The Bedford Regency
By Danda Humphreys
The origins of a hotel on Government Street lie in stationery and books.
The Bedford Regency Hotel on Government Street in 2010
Recent news about the sale of the Bedford Regency reminds us of an interesting fact: The hotel near the corner of Government and Bastion streets was originally built as a boon to local businesses, not to accommodate overnight guests. It all started in the 1850s, when the section of Government Street just south of Bastion Square was on the east side of Fort Victoria. With the discovery of Fraser River gold in 1858, and the arrival of thousands of California prospectors, the fort’s days were numbered. The Hudson’s Bay Company decided to cut its losses and sell the land.
By the mid-1860s, Fort Victoria had vanished, apparently without a trace. What had once been the path through the middle of the fort became Fort Street. Wharf Street sprouted merchants’ offices and ware-houses, while Government Street lots were snapped up by erstwhile entrepreneurs. Some had struck it rich in the gold fields; others had arrived to service them.
Beyond the former fort’s northern perimeter, Yates Street had enjoyed some prominence since the start of the gold rush. And it was here, among the shacks and shanties selling gear to the gold miners, that Thomas Napier Hibben first opened his doors for business.
Hibben was an American, born and educated in Charleston, South Carolina. At 21, he travelled to California, intent on searching for gold, but instead set up a bookstore and stationery business. When news of the Fraser River gold rush reached San Francisco, he had money in the bank and made immediate plans to move north.
Hibben sailed into Esquimalt in the summer of 1858, along with hundreds of other hopefuls. Rather than follow them to the gold fields, he and partner James Carswell set up a combined printing and book-selling business on the south side of Yates Street. It was a smart move. Situated well inside the still-small settlement’s boundaries, Hibben & Carswell’s books were a welcome addition to the fledgling newspapers of the day.
By the end of 1858, Victoria had its first official street map, and the newly numbered bookstore and reading room at 37 Yates Street
was a popular place for men to discuss local politics and the business of the day. The Hudson’s Bay Company’s influence was rapidly dwindling. There was talk of uniting the Colony of Vancouver Island with the mainland colony, in order to protect British interests. Demolition of Fort Victoria had already begun.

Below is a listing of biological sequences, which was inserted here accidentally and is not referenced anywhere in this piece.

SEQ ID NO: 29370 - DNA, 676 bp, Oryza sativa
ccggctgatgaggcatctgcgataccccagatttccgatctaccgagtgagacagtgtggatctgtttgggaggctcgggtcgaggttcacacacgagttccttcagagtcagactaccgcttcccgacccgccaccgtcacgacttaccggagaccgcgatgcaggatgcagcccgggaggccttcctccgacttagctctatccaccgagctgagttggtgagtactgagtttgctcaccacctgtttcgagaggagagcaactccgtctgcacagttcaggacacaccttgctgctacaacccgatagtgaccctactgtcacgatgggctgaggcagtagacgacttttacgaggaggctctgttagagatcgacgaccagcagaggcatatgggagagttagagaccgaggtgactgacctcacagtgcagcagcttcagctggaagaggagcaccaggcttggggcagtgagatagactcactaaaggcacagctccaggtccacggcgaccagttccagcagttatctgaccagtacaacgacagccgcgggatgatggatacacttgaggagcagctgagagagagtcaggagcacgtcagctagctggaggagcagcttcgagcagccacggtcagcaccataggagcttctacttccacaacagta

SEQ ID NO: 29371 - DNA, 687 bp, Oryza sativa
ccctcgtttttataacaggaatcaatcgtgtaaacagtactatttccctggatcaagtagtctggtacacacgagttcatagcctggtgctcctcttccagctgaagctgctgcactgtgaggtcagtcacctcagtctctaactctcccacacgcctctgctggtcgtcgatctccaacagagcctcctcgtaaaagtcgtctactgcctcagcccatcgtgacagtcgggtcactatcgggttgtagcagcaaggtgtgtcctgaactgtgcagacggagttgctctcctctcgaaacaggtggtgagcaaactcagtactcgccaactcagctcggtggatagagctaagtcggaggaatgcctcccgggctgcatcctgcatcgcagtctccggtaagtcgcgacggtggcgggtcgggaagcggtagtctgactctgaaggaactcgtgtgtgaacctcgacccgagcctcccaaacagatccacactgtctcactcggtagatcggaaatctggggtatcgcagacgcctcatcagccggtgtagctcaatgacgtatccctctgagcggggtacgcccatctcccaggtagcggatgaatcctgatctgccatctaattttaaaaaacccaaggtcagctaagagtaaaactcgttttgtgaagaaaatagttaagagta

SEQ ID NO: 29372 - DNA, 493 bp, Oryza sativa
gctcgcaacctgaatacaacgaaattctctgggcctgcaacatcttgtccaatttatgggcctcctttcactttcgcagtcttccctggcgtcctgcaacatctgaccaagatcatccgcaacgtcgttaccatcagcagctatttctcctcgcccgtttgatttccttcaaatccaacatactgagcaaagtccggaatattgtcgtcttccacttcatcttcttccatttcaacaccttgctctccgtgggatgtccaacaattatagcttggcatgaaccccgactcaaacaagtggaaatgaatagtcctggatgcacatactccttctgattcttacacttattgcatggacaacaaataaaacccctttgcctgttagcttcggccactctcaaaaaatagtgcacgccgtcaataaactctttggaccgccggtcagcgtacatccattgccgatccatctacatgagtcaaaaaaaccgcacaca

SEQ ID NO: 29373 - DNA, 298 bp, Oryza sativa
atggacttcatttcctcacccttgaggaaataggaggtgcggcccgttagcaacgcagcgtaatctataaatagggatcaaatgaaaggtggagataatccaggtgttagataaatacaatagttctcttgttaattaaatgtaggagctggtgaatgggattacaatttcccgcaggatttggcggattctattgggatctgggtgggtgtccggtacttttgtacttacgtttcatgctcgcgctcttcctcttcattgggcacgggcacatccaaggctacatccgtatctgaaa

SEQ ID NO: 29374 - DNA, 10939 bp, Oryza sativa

In 1864, as the last of the fort buildings bit the dust, Thomas Hibben took a wife. He and Janet Parker Brown were married in January. They moved into a house on Pandora Avenue, and their first son was born later that same year. Not long afterwards, James Carswell set up a legal publishing firm. Hibben bought out his partner’s interest, and continued the business on his own as T. Hibben & Co. By this time, he had moved his store to the east side of Government Street, near the corner of Thomas Trounce’s alley.
Over the decades, the store enjoyed continued growth. Advertised as “Importing Stationers and Booksellers,” it declared itself “prepared to furnish nearly every variety of stationery in use,” along with popular literature, printing, ruling and binding services, legal and office supplies, Admiralty coast charts, photographic albums, mathematical instruments, fine pocket cutlery, wrapping paper, music, and more. The establishment was a firm favourite with at least one local youngster: Emily Carr wrote of her fondness for Mr Hibben’s store, especially at Christmastime when picture books were left invitingly open at the perfect height for small children to see.
In 1910, Hibben’s original building burned to the ground in a fire that destroyed the nearby Spencer Arcade. From its ashes rose an impressive structure on the opposite side of Government Street. The seven-floor (six on Government, seven on Langley) building was designed to house the stationery store on the lower Government Street level, with offices and warehouse/storage space below and above. The Hibben-Bone Block was topped by a large electric sign depicting St George and the Dragon, advertising another local company, but at one time a huge pencil on the roof, sharpened end pointing toward the skies, provided a clear indication of the kind of business being conducted below.
Thomas Hibben would have been proud of that building, but by then he was long gone, dead at the age of 62 and buried at Ross Bay Cemetery. Sons Parker and T.N. Jr. represented their mother in the business, which was co-managed by key long-time employees C.W. Kammerer and W.H. Bone.
The stationery store’s days eventually came to an end, and the building went on to house the Churchill Hotel in the 1950s, a hostelry of somewhat dubious distinction; followed by the Bastion Inn in 1985, then briefly the Alhambra. Today, looking much the same as when it was first built, one hundred years ago, it is the Bedford Regency Hotel—a location with character and old-world charm in our downtown core (and currently for sale by its Vancouver-based owner for $8 million).
Danda Humphreys sharpened more than a few pencils while writing four books on the early European settlement of Victoria. www.dandahumphreys.com.
This story was published in the June 2010 edition of Focus Magazine.